Rural Health Scholarship Recipient
Cassie Olesen was certain about her path when she headed off to nursing school after high school.
The Iowa native earned the Licensed Practical Nursing credential followed by an Associate Degree of Nursing at Northwest Iowa Community College and began her nursing career in a medical-surgical unit at Sentara Hospital in Virginia Beach. She returned to Iowa by way of Des Moines in 2010 and joined the internal resource team at Unity Point Hospital. In 2014, Cassie and her husband moved to the small town of Graettinger, Iowa, where her husband grew up.
Shaped by a family experience
Cassie joined the same-day surgery unit at Spencer Hospital in 2014. But when the chance to join Spencer Hospital’s Abben Cancer Center arose in 2016, it seemed fortuitous. “My dad had leukemia while I was in nursing school,” she says. Just after having her first child and starting the position in the oncology clinic, Cassie’s sister was also diagnosed with leukemia and received a bone marrow transplant from another sister.
Cassie’s father and sister are continuing to receive treatment. For her, treating patients with cancer is more than a job. “My passion is nursing and I’ve been lucky enough to discover that,” Cassie says. “Helping people is what I love to do. Especially since cancer impacted my family, that aspect of nursing became my passion as well.”
A move into nurse education
With her career going well and two young children, returning to school was the last thing on Cassie’s mind. But when a nursing educator position opened up at Abben Cancer Center, she was intrigued. “We were thinking about having a third child and I’ll admit, I wasn’t super excited about the idea of going back to school,” she says. “This position seemed like a great opportunity to learn more and grow in my profession, but it required a BSN.” The position was newly created and would give Cassie a chance to shape it however she finds best. She started the job in March 2019 and within months, she was researching online BSN programs.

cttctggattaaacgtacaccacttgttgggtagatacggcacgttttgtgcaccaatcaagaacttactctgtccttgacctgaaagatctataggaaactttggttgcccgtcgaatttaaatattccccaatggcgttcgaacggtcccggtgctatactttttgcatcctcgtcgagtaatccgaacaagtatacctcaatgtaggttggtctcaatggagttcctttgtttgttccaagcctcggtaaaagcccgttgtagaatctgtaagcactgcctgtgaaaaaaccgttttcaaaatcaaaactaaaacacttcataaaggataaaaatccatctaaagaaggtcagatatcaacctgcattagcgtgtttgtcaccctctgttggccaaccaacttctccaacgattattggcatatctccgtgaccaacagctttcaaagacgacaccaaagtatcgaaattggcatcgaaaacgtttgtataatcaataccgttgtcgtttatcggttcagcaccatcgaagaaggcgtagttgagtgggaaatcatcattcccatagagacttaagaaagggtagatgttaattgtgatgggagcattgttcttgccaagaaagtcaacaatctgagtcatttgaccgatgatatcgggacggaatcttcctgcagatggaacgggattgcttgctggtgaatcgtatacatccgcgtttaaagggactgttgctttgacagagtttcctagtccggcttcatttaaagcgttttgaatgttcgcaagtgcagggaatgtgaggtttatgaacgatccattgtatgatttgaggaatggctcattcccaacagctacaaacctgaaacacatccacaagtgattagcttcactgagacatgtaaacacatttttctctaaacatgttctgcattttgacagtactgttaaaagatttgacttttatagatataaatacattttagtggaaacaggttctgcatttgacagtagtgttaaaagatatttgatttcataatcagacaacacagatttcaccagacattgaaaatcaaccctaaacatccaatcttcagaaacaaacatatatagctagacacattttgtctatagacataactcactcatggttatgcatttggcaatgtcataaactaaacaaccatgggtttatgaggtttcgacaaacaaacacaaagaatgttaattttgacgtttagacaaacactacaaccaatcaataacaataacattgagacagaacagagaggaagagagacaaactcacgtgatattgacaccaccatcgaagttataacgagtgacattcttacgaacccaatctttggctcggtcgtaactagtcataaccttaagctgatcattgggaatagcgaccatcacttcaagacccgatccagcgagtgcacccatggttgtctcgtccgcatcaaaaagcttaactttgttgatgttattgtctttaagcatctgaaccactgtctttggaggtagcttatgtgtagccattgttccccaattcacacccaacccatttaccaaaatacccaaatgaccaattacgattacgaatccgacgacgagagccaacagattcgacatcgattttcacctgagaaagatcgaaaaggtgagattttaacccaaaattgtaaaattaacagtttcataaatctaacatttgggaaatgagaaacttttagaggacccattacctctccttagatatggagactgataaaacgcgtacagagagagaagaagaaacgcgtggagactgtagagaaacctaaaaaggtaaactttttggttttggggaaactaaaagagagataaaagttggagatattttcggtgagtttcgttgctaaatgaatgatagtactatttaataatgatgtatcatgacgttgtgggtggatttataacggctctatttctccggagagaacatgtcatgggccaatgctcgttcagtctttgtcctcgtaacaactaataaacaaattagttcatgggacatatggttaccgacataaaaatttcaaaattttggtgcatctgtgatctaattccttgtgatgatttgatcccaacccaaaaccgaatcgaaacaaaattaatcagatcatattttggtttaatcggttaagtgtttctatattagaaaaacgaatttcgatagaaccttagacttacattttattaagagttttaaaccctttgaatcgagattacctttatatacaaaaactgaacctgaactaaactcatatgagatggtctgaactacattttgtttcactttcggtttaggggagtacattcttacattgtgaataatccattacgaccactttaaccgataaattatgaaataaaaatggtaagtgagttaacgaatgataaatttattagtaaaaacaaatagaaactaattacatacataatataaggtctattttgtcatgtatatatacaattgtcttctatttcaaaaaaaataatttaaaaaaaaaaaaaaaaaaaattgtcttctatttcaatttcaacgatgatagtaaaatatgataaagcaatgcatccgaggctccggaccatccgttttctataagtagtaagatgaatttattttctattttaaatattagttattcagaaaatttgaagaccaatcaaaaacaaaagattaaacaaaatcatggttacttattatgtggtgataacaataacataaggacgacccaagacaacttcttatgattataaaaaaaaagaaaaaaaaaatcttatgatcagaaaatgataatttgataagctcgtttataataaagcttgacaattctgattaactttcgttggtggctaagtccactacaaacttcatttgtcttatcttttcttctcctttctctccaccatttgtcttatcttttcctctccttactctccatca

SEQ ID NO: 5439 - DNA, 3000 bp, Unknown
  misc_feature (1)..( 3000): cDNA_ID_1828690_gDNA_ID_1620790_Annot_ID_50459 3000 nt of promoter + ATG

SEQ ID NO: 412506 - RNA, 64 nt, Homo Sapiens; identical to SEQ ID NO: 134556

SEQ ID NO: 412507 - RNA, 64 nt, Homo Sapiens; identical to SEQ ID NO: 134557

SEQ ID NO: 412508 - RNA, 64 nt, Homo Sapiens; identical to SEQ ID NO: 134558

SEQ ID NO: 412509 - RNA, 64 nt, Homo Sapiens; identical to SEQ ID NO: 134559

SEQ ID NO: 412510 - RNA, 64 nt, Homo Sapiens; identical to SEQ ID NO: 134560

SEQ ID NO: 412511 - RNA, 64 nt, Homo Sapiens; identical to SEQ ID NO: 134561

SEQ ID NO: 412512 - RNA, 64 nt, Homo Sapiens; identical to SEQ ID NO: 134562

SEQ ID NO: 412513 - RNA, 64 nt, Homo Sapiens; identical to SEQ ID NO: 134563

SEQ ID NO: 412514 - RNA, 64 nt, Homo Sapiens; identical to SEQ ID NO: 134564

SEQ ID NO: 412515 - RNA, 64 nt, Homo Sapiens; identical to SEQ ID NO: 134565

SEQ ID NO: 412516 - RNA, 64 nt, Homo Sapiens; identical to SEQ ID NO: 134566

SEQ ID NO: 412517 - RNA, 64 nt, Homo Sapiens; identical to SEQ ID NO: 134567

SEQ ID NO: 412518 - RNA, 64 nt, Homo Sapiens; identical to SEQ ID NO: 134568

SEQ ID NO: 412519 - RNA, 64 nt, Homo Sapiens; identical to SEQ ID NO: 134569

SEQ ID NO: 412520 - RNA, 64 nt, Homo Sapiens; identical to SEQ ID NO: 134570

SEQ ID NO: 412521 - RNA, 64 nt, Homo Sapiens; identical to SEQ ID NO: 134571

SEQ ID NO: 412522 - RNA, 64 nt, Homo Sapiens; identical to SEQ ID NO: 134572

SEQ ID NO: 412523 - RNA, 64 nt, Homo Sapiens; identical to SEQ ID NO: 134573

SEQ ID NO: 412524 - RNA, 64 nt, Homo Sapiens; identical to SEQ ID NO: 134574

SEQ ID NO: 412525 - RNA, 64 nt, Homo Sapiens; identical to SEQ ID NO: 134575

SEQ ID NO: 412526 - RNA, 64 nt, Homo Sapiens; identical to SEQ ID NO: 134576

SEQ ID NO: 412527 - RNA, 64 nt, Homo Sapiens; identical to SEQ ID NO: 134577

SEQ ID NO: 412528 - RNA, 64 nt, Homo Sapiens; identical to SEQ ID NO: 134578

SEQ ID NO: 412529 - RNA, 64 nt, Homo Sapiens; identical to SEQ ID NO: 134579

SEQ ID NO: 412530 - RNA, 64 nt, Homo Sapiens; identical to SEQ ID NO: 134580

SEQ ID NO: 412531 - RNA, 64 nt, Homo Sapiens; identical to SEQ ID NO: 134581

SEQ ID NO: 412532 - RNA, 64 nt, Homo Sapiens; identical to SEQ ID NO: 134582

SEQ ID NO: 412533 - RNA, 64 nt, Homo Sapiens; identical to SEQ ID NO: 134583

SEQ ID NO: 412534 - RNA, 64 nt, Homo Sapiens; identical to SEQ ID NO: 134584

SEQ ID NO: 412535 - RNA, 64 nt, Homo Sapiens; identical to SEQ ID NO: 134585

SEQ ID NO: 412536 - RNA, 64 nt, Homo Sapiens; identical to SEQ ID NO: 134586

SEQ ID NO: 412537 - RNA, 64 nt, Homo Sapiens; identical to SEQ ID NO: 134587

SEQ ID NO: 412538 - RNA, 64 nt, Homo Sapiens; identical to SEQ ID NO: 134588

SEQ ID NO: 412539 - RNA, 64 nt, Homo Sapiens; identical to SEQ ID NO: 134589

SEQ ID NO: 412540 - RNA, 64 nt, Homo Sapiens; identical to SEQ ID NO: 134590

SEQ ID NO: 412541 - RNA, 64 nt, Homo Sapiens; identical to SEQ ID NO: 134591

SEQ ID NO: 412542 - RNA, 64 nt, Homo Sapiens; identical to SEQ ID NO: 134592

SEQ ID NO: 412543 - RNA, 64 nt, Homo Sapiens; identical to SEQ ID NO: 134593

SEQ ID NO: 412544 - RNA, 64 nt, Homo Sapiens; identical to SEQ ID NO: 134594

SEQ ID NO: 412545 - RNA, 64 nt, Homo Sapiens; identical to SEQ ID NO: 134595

Finding American Sentinel University
A friend of Cassie’s had attended American Sentinel University and highly recommended its BSN program. “I looked into the RN to BSN SIMPath® program and liked that it was online and structured perfectly for a busy mom working full time,” says Cassie of American Sentinel’s competency-based BSN program, which requires students to complete competencies based on their skills instead of classes. She enrolled in September 2019.
A Relief and an honor
When Cassie applied for American Sentinel’s Rural Health Scholarship earlier this year, she was hopeful. “When I found out I got this scholarship, I cried with happiness,” she says. “It was an answered prayer. I have felt selfish about spending this money on something just for me, so receiving this took the weight of the world off my shoulders. I was beyond elated.”
But Cassie adds that the scholarship was more than just financial help. “It was motivating and so flattering,” she says. “We have been getting ready for the arrival of our third child, I’m working hard, and we’re focused on making this dream of mine come true. Receiving this scholarship was an honor and a blessing.”
A job she loves
Now pregnant with baby number three—due in June 2020—Cassie is making headway toward earning the BSN and hopes to finish in fall 2021. In her new role at Abben, she educates patients on their treatments and teaches coworkers about new theories and evidence-based advancements to keep them up-to-date on oncology nursing guidelines. “Having a bachelor’s degree opens up so many more opportunities and even though I resisted at first, it really was in the back of my mind for a long time,” she says. “Although the timing is very hectic now, I wish I’d done it years ago and didn’t want to miss this opportunity.”
Cassie hopes that she can help build inroads with oncology centers in the more populous Sioux Falls, South Dakota, just two hours away, and the renowned Mayo Clinic. “I would love to be able to bring back some of their best practices to our rural community,” she says. “In my position, I am charged with reaching out to other facilities to learn how they are succeeding and then bringing that insight here. Working in a rural community, you are often working with patients you know… your neighbors, the people in your community. I take that very seriously and I’m honored to do it to the best of my ability.”
American Sentinel has created the Rural Health Scholarship program to help healthcare providers and patients overcome obstacles that are different than those in urban areas. Eight scholarships are awarded per year. Congratulations to this quarter’s recipients. Learn more and apply here.
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